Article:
Yup, vollies are volunteer firefighters…but itâ€™s a bit more complicated than just fighting fire for free. Our dispatchers are paid; itâ€™s one of the few jobs we have (dispatcher, Service Director, and a few others) that actually gives out money. We also get paid when we get sent to fires on federal, state forestry, or certain kinds of private lands. For training, all our dispatchers are certified EMDs (emergency medical dispatchers), and most have other certs as well (in wildland fire, structure fire, or medical). The best come to every training they can, so they better understand what happens when the rubber meets the road, so to speak. Not having gone through the process myself, Iâ€™m not sure how intense it is, but dispatching one of the most vital jobs out there…and those of us on the ground sure notice the difference between a good dispatcher and a bad one.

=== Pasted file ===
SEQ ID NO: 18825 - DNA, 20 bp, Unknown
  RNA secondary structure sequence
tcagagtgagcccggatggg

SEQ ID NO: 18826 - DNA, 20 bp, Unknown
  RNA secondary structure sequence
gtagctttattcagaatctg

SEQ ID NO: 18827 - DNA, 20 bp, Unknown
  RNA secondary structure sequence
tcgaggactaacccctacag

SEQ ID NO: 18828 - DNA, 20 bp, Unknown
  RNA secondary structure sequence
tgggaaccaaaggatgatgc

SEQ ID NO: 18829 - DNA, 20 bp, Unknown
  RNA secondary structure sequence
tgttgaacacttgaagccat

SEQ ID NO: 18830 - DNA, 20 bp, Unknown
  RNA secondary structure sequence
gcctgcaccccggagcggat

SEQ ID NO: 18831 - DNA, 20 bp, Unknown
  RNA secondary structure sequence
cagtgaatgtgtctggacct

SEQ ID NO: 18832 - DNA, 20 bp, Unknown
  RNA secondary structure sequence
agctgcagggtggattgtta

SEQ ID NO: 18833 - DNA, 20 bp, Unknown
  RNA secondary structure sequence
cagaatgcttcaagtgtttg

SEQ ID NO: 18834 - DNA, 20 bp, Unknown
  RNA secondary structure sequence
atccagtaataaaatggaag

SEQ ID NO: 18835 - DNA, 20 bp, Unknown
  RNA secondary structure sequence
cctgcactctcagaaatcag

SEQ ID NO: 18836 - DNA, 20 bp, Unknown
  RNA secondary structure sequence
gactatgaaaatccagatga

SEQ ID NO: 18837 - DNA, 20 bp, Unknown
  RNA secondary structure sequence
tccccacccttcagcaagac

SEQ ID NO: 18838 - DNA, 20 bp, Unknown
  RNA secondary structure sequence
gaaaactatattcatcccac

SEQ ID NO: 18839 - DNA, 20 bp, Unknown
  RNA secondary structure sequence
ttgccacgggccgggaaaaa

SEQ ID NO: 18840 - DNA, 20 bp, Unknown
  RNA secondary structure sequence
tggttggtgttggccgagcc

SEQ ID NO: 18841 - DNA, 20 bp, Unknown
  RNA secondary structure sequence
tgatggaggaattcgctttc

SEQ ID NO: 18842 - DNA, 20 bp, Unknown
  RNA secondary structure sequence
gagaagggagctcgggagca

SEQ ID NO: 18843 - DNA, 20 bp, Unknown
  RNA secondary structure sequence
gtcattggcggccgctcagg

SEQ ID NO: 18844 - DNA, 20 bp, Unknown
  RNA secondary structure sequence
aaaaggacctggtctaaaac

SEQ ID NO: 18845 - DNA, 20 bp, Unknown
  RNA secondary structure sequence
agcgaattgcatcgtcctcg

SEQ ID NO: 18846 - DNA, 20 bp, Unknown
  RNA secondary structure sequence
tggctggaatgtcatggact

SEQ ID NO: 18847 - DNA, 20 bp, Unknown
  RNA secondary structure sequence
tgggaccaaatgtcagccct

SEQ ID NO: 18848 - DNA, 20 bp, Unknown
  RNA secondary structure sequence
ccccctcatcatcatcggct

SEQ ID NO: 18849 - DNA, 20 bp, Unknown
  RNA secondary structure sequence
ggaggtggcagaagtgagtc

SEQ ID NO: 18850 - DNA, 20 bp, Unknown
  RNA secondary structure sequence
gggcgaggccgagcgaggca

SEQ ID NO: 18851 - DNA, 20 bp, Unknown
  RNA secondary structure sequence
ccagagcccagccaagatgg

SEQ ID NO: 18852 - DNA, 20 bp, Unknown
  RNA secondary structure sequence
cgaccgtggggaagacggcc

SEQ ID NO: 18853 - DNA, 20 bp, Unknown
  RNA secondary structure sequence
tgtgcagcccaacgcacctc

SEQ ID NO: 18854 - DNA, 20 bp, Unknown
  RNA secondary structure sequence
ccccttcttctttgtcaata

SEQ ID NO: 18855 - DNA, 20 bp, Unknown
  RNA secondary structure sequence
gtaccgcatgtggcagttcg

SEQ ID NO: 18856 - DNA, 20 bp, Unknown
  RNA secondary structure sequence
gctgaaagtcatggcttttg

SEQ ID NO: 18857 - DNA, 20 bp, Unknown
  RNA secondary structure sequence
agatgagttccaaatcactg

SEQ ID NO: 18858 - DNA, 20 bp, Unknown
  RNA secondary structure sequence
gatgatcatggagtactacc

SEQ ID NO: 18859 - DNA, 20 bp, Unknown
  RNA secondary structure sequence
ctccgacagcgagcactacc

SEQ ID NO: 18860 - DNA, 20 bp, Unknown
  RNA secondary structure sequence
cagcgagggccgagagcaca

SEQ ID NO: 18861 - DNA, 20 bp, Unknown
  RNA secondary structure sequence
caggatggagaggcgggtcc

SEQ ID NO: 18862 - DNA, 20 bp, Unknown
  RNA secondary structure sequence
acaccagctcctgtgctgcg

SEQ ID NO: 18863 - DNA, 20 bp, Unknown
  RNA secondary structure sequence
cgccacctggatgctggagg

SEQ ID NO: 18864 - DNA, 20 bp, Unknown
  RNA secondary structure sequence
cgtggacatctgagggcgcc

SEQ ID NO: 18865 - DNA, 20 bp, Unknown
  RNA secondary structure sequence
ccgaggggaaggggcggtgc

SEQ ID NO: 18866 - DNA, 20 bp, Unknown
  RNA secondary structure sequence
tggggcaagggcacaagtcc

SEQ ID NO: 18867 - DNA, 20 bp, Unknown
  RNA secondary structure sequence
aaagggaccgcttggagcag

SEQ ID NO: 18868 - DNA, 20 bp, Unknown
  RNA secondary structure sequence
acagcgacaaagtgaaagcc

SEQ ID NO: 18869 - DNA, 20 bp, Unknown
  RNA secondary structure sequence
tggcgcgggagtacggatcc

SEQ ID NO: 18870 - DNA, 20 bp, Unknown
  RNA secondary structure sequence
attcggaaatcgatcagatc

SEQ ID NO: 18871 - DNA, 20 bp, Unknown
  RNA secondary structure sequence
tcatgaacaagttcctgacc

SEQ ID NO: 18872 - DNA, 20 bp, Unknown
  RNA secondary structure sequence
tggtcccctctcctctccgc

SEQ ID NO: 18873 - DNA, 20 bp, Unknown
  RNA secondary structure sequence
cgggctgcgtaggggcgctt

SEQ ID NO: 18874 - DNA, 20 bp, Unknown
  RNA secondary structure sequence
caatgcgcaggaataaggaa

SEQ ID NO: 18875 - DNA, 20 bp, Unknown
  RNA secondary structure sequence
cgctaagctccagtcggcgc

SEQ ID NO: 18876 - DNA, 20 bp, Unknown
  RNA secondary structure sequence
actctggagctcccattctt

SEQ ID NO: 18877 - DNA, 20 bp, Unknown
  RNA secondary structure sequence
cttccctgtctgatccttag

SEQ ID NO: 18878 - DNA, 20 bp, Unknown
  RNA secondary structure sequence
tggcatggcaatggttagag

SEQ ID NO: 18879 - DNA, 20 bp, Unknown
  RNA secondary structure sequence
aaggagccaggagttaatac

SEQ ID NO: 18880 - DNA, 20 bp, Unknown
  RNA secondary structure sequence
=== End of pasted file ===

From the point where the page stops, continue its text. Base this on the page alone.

Iâ€™m going to keep blowing the vollie trumpet and say that even though we tend not to get a whole lot of respect, it is great experience. Many, many fires have been killed on initial attack by vollies long before they became enough of an issue to bring in the big guns. We also get as much training as our communities can afford; if you get on with a good, well-supported vollie department, you can get training on par or better than you might get through the agencies (I know some folks donâ€™t want to hear that, but itâ€™s true…weâ€™ve bailed out some big names). Any of you ladies and gentlemen sitting home waiting for your FF to come home who want to learn a bit more about the fire world might consider volunteering; you donâ€™t have to give up your day job, and it is time consuming, but we have jobs and training for every level of time commitment and physical fitness. And itâ€™s a heck of a lot of fun.
Nerd on the Fireline